You might have a small amount of bleeding after surgery. If your wound continues to bleed or gets worse contact the department where you had surgery or go to your local Accident and Emergency (A&E) department.

Avoid strenuous exercise or activity after surgery to reduce the risk of bleeding. Your doctor or nurse will tell you how long for.

Scarring

You'll have a scar. The size and shape of your scar will depend on how big the melanoma was and if you needed a skin graft or flap.

Scars are quite noticeable and red to start with, but they get paler and less noticeable over time. Some scars can be quite thick and raised (keloid). Talk to your doctor about any worries you might have about your scar.

Follow up

You see your doctor about 4 to 6 weeks after surgery. Your doctor:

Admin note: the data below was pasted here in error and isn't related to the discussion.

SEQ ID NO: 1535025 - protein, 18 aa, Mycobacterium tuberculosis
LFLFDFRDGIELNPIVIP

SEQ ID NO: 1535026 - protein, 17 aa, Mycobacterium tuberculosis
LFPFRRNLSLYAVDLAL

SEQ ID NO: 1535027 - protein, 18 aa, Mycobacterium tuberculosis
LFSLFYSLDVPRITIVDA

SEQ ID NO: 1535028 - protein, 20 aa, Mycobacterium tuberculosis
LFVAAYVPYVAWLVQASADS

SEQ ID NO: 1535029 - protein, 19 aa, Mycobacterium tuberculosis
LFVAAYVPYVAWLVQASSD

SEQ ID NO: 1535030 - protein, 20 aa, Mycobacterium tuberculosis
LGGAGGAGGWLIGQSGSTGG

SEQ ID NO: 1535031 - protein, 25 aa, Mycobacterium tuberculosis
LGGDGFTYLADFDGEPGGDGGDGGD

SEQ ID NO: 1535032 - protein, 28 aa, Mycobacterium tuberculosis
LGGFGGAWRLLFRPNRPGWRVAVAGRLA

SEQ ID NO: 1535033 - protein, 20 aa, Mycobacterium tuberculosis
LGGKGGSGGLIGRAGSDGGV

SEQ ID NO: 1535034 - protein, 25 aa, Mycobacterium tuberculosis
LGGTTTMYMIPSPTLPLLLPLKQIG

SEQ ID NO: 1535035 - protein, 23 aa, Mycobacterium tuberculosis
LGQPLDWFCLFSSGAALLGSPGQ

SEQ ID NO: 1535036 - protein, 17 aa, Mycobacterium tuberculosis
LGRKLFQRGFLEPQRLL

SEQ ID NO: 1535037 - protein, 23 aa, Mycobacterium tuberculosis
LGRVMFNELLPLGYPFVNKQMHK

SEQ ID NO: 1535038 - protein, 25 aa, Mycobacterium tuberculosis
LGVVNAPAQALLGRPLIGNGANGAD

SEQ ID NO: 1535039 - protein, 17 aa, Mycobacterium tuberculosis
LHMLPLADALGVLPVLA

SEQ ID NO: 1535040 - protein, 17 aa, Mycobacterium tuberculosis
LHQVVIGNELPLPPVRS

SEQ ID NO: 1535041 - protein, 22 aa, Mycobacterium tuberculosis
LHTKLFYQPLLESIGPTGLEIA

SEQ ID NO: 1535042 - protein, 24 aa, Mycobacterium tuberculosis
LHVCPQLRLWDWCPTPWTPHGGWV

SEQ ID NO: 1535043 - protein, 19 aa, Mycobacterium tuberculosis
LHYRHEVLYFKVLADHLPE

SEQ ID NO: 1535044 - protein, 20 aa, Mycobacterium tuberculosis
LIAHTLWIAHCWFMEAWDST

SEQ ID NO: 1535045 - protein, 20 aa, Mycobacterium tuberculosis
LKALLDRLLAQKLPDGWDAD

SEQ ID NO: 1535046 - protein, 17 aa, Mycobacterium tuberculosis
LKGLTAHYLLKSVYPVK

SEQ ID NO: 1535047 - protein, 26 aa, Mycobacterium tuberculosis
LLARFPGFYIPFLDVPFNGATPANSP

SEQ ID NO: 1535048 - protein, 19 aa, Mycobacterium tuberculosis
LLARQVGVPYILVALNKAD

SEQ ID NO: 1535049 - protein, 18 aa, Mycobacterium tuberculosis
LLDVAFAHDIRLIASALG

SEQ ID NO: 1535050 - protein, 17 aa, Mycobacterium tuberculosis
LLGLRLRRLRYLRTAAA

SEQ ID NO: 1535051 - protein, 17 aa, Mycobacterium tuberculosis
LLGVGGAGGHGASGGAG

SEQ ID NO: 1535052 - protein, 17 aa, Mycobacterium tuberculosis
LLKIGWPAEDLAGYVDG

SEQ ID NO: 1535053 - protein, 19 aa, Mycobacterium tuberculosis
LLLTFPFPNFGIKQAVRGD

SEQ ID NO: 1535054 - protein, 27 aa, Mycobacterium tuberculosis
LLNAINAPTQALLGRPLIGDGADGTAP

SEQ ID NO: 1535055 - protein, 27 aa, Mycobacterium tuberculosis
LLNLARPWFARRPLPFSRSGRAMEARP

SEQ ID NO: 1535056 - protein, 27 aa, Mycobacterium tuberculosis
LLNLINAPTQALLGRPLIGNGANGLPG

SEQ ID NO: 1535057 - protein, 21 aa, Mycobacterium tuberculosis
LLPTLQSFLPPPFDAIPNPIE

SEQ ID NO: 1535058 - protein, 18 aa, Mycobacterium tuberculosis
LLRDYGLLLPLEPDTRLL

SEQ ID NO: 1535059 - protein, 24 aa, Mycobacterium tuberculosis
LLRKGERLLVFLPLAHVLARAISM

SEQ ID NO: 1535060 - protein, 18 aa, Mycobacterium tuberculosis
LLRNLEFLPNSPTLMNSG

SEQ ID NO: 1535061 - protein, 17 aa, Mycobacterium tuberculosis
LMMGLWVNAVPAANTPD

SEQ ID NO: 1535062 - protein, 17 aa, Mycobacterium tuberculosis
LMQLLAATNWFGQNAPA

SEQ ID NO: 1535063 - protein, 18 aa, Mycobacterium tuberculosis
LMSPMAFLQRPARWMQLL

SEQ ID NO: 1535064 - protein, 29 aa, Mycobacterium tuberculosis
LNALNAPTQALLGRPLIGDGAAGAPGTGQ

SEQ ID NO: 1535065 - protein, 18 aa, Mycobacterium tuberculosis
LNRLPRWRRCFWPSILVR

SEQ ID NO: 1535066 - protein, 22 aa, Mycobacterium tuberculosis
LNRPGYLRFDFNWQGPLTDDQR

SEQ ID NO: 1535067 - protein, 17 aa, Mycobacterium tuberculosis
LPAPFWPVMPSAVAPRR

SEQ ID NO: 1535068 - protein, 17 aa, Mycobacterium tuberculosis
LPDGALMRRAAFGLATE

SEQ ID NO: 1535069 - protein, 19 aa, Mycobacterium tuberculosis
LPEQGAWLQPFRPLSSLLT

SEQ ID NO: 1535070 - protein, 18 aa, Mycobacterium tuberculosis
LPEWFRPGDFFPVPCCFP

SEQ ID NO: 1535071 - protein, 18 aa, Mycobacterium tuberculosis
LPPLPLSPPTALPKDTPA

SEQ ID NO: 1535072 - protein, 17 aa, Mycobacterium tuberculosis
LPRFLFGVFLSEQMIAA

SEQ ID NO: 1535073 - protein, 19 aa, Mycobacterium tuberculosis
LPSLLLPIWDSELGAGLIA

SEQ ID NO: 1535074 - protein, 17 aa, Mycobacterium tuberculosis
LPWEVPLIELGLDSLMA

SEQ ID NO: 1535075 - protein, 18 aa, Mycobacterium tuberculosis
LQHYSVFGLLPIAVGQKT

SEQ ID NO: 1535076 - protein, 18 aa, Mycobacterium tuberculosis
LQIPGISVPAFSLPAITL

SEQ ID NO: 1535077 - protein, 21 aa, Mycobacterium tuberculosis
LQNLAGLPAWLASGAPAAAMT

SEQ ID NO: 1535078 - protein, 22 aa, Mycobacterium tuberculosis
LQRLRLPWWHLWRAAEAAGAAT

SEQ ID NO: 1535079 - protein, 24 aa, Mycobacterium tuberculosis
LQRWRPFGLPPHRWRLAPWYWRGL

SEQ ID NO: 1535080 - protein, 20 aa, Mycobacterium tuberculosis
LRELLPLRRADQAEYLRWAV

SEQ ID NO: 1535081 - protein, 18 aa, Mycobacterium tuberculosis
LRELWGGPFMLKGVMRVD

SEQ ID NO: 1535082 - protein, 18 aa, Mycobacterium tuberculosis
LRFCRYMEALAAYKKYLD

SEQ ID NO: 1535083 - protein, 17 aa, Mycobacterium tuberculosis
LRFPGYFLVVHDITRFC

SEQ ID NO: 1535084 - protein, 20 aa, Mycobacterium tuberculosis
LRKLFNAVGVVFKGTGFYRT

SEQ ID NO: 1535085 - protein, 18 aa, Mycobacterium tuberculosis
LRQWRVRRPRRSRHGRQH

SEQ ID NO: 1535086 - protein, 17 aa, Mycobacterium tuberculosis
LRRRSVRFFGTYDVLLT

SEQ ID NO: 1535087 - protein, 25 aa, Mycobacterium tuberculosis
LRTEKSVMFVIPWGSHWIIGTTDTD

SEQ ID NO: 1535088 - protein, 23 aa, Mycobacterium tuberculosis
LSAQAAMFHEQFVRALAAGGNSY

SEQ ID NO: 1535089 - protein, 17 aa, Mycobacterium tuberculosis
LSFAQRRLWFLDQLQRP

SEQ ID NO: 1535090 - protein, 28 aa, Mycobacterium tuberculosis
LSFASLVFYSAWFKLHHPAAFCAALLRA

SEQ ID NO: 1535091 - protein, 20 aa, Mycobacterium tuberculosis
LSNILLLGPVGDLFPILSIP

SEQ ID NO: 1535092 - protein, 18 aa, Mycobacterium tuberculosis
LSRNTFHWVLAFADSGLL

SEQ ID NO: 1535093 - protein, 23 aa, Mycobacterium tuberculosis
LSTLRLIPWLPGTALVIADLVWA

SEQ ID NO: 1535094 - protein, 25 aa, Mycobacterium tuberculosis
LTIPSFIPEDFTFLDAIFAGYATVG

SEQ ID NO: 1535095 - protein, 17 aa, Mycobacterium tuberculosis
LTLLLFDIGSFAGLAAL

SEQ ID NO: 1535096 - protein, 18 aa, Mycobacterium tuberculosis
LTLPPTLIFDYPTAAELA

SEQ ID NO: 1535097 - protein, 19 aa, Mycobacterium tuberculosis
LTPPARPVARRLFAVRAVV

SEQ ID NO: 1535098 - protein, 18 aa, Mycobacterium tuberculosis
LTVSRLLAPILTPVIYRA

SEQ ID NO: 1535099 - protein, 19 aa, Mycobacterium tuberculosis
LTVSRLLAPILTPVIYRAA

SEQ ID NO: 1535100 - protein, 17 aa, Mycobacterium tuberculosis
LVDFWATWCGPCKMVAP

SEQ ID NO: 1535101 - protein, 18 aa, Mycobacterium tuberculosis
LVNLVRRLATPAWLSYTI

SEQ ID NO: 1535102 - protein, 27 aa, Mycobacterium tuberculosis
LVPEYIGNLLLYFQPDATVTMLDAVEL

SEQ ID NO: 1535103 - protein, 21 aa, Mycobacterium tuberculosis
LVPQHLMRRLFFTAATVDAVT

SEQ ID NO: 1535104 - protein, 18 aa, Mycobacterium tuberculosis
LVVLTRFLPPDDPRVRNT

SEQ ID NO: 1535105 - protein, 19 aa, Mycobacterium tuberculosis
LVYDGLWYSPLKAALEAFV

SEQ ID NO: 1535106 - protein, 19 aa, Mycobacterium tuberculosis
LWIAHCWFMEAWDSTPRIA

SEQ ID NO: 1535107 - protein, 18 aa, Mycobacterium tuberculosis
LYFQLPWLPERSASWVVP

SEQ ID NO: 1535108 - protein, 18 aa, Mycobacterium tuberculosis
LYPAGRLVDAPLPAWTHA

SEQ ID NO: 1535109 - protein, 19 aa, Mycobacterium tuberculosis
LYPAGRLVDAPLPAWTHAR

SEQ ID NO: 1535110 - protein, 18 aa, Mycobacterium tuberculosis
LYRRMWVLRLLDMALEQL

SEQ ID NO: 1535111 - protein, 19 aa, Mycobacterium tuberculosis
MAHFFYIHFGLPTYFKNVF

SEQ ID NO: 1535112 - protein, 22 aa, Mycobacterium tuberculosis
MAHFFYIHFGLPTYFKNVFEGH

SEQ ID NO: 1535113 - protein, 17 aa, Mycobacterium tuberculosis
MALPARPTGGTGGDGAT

• gives you the results of the surgery
  • examines you
  • asks how you are and if you've had any problems
  • checks how your wound or wounds are healing

This is also your opportunity to ask any questions. Write down any questions you have before your appointment to help you remember what to ask. Taking someone with you can also help you to remember what the doctor says and provide support.

Between appointments, you can also contact your specialist nurse. So don't worry if you do forget to ask something. 

How often you have follow up appointments depends on the results of your surgery. Ask your doctor how often you need to have check ups and what they will involve.

Surgery to remove melanoma that has spread

You might have surgery to remove melanoma that has spread to other areas of the skin or body, such as the lungs, skin and bowel. Cancer that has spread to another area of the body is called secondaries or metastases. The operation you have depends on which part of the body the melanoma has spread to.